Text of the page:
After several months of consideration, the U.S. Court of Appeals for the Federal Circuit sitting en banc in Aqua Products, Inc. v. Matal has concluded that, under the current rules, the U.S. Patent and Trademark Office is not justified in placing the burden of persuasion on patent owners when they seek to amend claims in inter partes review. A majority, consisting of seven of the eleven judges sitting en banc, reached the narrow consensus that the USPTO has not adopted any rule entitled to deference that adequately defines the burden with respect to patentees seeking to amend claims in inter partes review. In the absence of any rule or PTAB decision that might be entitled deference, the majority concluded that the USPTO may not place that burden on the patentee at this time. While leaving many questions unanswered, the Court unanimously rejected the USPTO’s justification that the statute places the burden on the patentee because amendments must be sought by “motion.” The majority also held that the PTAB must consider the entirety of the record when assessing the patentability of amended claims in rendering its final written decision, and must justify any conclusions of unpatentability for such claims based on that record. It is not enough to rely only on the motion to amend. Finally, the Court left for another day the issue of whether the PTAB can, sua sponte, raise patentability challenges to an amended claim.

Prior decisions that have endorsed the USPTO’s practice of placing the burden of persuasion on the patent owner under its current rules have been overruled to the extent that they are inconsistent with the majority’s holding in Aqua Products. These prior decision are Microsoft Corp. v. Proxyconn, Inc., 789 F.3d 1292 (Fed. Cir. 2015), Prolitec, Inc. v. ScentAir Techs., Inc., 807 F.3d 1353 (Fed. Cir. 2015) (petition for reh’g pending), Synopsys, Inc. v. Mentor Graphics Corp., 814 F.3d 1309 (Fed. Cir. 2016), and Nike, Inc. v. Adidas AG, 812 F.3d 1326 (Fed. Cir. 2016). The majority also held that the PTAB’s non-binding decisions in MasterImage 3D, Inc. v. RealD Inc., No. IPR2015-00040, 2015 WL 10709290 (P.T.A.B. July 15, 2015) and Idle Free Sys., Inc. v. Bergstrom, Inc., No. IPR2012-00027, 2013 WL 5947697 (P.T.A.B. June 11, 2013) were not entitled to either Chevron or Auer deference and thus are presumably also overruled to the extent they stand for placing a burden of persuasion on patent owners seeking to amend.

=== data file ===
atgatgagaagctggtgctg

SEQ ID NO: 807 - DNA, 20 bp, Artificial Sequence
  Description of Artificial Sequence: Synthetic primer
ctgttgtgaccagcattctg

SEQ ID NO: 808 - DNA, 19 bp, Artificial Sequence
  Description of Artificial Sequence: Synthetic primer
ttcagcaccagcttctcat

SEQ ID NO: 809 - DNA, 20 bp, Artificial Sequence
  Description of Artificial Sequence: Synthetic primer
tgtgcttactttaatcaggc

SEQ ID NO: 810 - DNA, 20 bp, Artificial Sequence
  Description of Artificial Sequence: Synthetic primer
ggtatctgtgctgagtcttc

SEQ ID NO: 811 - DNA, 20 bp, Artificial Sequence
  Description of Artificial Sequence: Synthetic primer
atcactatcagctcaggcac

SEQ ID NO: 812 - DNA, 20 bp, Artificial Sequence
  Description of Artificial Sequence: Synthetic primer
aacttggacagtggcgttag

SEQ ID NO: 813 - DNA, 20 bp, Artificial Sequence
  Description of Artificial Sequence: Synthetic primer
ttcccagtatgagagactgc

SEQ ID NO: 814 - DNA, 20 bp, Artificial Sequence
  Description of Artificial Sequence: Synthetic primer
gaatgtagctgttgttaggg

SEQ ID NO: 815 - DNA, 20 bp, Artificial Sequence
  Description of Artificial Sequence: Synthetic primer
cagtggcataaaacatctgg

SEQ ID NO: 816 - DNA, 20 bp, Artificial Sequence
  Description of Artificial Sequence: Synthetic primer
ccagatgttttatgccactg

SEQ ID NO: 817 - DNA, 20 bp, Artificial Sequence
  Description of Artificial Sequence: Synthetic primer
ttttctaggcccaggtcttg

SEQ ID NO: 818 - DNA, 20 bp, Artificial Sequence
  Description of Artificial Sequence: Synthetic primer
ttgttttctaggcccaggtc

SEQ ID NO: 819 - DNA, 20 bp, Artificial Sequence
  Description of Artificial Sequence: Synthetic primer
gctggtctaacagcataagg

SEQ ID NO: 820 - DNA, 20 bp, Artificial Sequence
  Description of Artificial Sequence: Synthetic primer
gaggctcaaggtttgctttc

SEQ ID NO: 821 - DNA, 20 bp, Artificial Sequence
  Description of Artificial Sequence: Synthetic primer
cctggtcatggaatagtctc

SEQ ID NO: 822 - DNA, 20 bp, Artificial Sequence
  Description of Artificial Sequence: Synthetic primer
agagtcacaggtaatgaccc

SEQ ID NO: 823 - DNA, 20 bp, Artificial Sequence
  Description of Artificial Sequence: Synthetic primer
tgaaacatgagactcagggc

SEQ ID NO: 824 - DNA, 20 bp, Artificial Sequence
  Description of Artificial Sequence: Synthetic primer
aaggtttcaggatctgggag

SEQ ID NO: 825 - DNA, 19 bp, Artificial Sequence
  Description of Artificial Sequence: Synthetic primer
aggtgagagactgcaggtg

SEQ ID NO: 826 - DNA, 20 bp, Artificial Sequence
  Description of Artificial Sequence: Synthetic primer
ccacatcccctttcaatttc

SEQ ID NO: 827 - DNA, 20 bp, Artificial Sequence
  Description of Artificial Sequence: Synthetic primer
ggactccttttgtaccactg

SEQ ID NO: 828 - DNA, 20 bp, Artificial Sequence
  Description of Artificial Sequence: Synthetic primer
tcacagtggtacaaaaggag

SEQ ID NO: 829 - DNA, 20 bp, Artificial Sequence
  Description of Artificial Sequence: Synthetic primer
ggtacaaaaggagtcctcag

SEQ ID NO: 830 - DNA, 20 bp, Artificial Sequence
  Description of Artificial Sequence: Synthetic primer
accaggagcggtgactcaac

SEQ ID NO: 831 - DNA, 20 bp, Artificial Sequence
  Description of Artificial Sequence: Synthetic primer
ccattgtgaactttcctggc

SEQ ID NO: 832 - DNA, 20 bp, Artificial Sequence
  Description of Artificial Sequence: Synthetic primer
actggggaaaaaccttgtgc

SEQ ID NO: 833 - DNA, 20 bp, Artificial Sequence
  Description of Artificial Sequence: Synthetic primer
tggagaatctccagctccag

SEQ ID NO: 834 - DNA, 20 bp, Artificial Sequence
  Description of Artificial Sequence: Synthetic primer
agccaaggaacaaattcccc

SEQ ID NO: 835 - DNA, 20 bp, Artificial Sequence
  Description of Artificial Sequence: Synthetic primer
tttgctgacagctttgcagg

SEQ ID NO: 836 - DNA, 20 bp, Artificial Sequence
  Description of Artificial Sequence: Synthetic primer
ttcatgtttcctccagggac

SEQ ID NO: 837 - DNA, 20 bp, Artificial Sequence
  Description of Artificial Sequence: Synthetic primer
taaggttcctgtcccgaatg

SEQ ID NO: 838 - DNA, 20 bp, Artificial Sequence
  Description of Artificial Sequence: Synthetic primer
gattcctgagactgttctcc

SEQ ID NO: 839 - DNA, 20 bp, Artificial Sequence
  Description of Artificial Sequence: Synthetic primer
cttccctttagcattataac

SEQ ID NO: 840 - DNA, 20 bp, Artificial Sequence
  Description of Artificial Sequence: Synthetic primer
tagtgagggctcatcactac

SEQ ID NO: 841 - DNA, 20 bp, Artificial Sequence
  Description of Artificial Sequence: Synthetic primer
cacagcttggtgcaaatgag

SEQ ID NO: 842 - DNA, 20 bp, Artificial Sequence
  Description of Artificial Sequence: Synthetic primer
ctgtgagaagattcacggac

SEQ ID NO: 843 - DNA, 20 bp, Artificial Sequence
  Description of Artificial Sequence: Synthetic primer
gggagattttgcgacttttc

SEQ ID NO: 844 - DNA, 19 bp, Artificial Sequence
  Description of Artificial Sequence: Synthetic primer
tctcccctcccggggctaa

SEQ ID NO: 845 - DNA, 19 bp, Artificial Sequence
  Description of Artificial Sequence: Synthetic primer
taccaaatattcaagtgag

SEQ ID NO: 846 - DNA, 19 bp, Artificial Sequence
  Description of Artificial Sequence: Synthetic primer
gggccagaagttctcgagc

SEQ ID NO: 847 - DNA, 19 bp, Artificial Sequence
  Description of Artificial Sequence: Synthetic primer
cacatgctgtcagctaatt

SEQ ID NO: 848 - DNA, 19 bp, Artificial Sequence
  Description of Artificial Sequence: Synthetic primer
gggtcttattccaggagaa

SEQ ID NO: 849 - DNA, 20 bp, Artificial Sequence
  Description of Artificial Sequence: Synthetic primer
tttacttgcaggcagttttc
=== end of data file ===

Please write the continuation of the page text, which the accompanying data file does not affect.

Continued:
In closing, the majority instructs the PTAB how to proceed on remand in Aqua Products and provides broader guidance on how to proceed in other cases impacted by its holding. First, with respect to the remand in Aqua Products, the Court instructs the PTAB “to issue a final decision assessing the patentability of the proposed substitute claims without placing the burden of persuasion on the patent owner.” Slip. Op. 65-66. Second, the Court directs that PTAB to follow this same practice in all pending inter partes review proceedings “unless and until the Director engages in notice and comment rulemaking.” Slip Op. at 66. The court then suggests that it will decide if any later practices adopted by the USPTO regarding amendments are valid. Last, the PTAB must consider the entire record when making its decision on patentability.

As a practical matter, the outcome of Aqua Products suggests that amendment practice in inter partes review may become relatively easier in the short term. It is unclear, however, whether the narrow holding gives the USPTO express leeway to regulate further on this issue. As suggested by the divisions within the en banc Court, the future of amending claims will continue to be an evolving and dynamic aspect of post-grant proceedings. And a great deal can be learned from the detailed analysis set forth in the many pages of these thoughtful opinions.